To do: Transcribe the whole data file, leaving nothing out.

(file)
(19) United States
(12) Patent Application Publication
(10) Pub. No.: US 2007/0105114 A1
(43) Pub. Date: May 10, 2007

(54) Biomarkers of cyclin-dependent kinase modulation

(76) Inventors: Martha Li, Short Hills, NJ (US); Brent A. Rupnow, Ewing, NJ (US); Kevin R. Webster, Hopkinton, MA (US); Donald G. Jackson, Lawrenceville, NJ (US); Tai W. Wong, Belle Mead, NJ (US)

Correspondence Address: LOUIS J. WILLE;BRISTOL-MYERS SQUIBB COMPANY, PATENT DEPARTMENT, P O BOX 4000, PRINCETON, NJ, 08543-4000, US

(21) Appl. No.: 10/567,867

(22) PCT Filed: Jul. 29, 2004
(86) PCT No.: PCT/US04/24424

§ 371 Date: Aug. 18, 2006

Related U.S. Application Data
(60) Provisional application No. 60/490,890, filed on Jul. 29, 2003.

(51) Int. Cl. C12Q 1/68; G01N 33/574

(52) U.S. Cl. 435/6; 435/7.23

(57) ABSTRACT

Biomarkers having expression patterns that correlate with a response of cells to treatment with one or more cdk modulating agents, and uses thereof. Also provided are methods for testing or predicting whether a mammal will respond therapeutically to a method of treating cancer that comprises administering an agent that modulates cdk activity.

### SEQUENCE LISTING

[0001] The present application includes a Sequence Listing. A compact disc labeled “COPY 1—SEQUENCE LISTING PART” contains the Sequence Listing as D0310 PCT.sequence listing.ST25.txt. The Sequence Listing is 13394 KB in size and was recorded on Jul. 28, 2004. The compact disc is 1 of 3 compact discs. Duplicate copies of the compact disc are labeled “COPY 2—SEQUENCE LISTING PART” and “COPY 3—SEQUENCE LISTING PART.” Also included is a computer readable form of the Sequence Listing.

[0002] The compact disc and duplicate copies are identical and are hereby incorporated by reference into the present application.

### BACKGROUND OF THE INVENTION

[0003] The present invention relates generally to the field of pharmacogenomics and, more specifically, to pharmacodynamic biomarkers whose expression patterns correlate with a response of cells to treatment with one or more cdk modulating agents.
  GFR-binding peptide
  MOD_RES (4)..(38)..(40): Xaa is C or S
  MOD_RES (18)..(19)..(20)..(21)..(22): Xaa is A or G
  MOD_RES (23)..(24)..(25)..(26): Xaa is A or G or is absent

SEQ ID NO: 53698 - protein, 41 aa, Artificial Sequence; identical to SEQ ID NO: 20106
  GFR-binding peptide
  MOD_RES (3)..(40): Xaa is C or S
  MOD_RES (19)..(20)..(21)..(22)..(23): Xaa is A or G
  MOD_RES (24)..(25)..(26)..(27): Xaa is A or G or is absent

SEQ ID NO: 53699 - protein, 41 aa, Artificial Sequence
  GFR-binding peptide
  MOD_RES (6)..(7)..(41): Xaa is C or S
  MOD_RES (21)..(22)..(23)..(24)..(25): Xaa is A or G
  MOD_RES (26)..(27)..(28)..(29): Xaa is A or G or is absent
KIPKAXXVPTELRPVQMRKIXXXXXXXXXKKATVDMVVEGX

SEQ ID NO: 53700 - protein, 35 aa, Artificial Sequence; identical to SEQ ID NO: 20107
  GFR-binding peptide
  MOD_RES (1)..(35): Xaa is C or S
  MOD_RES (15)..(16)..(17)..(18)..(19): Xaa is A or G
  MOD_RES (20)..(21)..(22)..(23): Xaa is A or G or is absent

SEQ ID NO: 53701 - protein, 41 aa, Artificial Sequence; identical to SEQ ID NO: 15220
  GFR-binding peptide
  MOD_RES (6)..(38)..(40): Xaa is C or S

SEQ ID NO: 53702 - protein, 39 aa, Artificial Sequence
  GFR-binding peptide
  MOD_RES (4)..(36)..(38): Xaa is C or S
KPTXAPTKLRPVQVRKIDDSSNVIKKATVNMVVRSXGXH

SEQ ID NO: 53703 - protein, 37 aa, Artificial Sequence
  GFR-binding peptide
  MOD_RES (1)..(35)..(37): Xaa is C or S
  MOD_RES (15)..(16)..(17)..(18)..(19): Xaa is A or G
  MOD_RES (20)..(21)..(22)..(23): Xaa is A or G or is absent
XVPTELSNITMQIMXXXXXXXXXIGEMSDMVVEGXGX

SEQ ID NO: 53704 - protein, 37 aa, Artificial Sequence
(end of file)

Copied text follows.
(19) United States
(12) Patent Application Publication
(10) Pub. No.: US 2007/0105114 A1
(43) Pub. Date: May 10, 2007

(54) Biomarkers of cyclin-dependent kinase modulation

(76) Inventors: Martha Li, Short Hills, NJ (US); Brent A. Rupnow, Ewing, NJ (US); Kevin R. Webster, Hopkinton, MA (US); Donald G. Jackson, Lawrenceville, NJ (US); Tai W. Wong, Belle Mead, NJ (US)

Correspondence Address: LOUIS J. WILLE;BRISTOL-MYERS SQUIBB COMPANY, PATENT DEPARTMENT, P O BOX 4000, PRINCETON, NJ, 08543-4000, US

(21) Appl. No.: 10/567,867

(22) PCT Filed: Jul. 29, 2004
(86) PCT No.: PCT/US04/24424

§ 371 Date: Aug. 18, 2006

Related U.S. Application Data
(60) Provisional application No. 60/490,890, filed on Jul. 29, 2003.

(51) Int. Cl. C12Q 1/68; G01N 33/574

(52) U.S. Cl. 435/6; 435/7.23

(57) ABSTRACT

Biomarkers having expression patterns that correlate with a response of cells to treatment with one or more cdk modulating agents, and uses thereof. Also provided are methods for testing or predicting whether a mammal will respond therapeutically to a method of treating cancer that comprises administering an agent that modulates cdk activity.

### SEQUENCE LISTING

[0001] The present application includes a Sequence Listing. A compact disc labeled “COPY 1—SEQUENCE LISTING PART” contains the Sequence Listing as D0310 PCT.sequence listing.ST25.txt. The Sequence Listing is 13394 KB in size and was recorded on Jul. 28, 2004. The compact disc is 1 of 3 compact discs. Duplicate copies of the compact disc are labeled “COPY 2—SEQUENCE LISTING PART” and “COPY 3—SEQUENCE LISTING PART.” Also included is a computer readable form of the Sequence Listing.

[0002] The compact disc and duplicate copies are identical and are hereby incorporated by reference into the present application.

### BACKGROUND OF THE INVENTION

[0003] The present invention relates generally to the field of pharmacogenomics and, more specifically, to pharmacodynamic biomarkers whose expression patterns correlate with a response of cells to treatment with one or more cdk modulating agents.
  GFR-binding peptide
  MOD_RES (4)..(38)..(40): Xaa is C or S
  MOD_RES (18)..(19)..(20)..(21)..(22): Xaa is A or G
  MOD_RES (23)..(24)..(25)..(26): Xaa is A or G or is absent

SEQ ID NO: 53698 - protein, 41 aa, Artificial Sequence; identical to SEQ ID NO: 20106
  GFR-binding peptide
  MOD_RES (3)..(40): Xaa is C or S
  MOD_RES (19)..(20)..(21)..(22)..(23): Xaa is A or G
  MOD_RES (24)..(25)..(26)..(27): Xaa is A or G or is absent

SEQ ID NO: 53699 - protein, 41 aa, Artificial Sequence
  GFR-binding peptide
  MOD_RES (6)..(7)..(41): Xaa is C or S
  MOD_RES (21)..(22)..(23)..(24)..(25): Xaa is A or G
  MOD_RES (26)..(27)..(28)..(29): Xaa is A or G or is absent
KIPKAXXVPTELRPVQMRKIXXXXXXXXXKKATVDMVVEGX

SEQ ID NO: 53700 - protein, 35 aa, Artificial Sequence; identical to SEQ ID NO: 20107
  GFR-binding peptide
  MOD_RES (1)..(35): Xaa is C or S
  MOD_RES (15)..(16)..(17)..(18)..(19): Xaa is A or G
  MOD_RES (20)..(21)..(22)..(23): Xaa is A or G or is absent

SEQ ID NO: 53701 - protein, 41 aa, Artificial Sequence; identical to SEQ ID NO: 15220
  GFR-binding peptide
  MOD_RES (6)..(38)..(40): Xaa is C or S

SEQ ID NO: 53702 - protein, 39 aa, Artificial Sequence
  GFR-binding peptide
  MOD_RES (4)..(36)..(38): Xaa is C or S
KPTXAPTKLRPVQVRKIDDSSNVIKKATVNMVVRSXGXH

SEQ ID NO: 53703 - protein, 37 aa, Artificial Sequence
  GFR-binding peptide
  MOD_RES (1)..(35)..(37): Xaa is C or S
  MOD_RES (15)..(16)..(17)..(18)..(19): Xaa is A or G
  MOD_RES (20)..(21)..(22)..(23): Xaa is A or G or is absent
XVPTELSNITMQIMXXXXXXXXXIGEMSDMVVEGXGX

SEQ ID NO: 53704 - protein, 37 aa, Artificial Sequence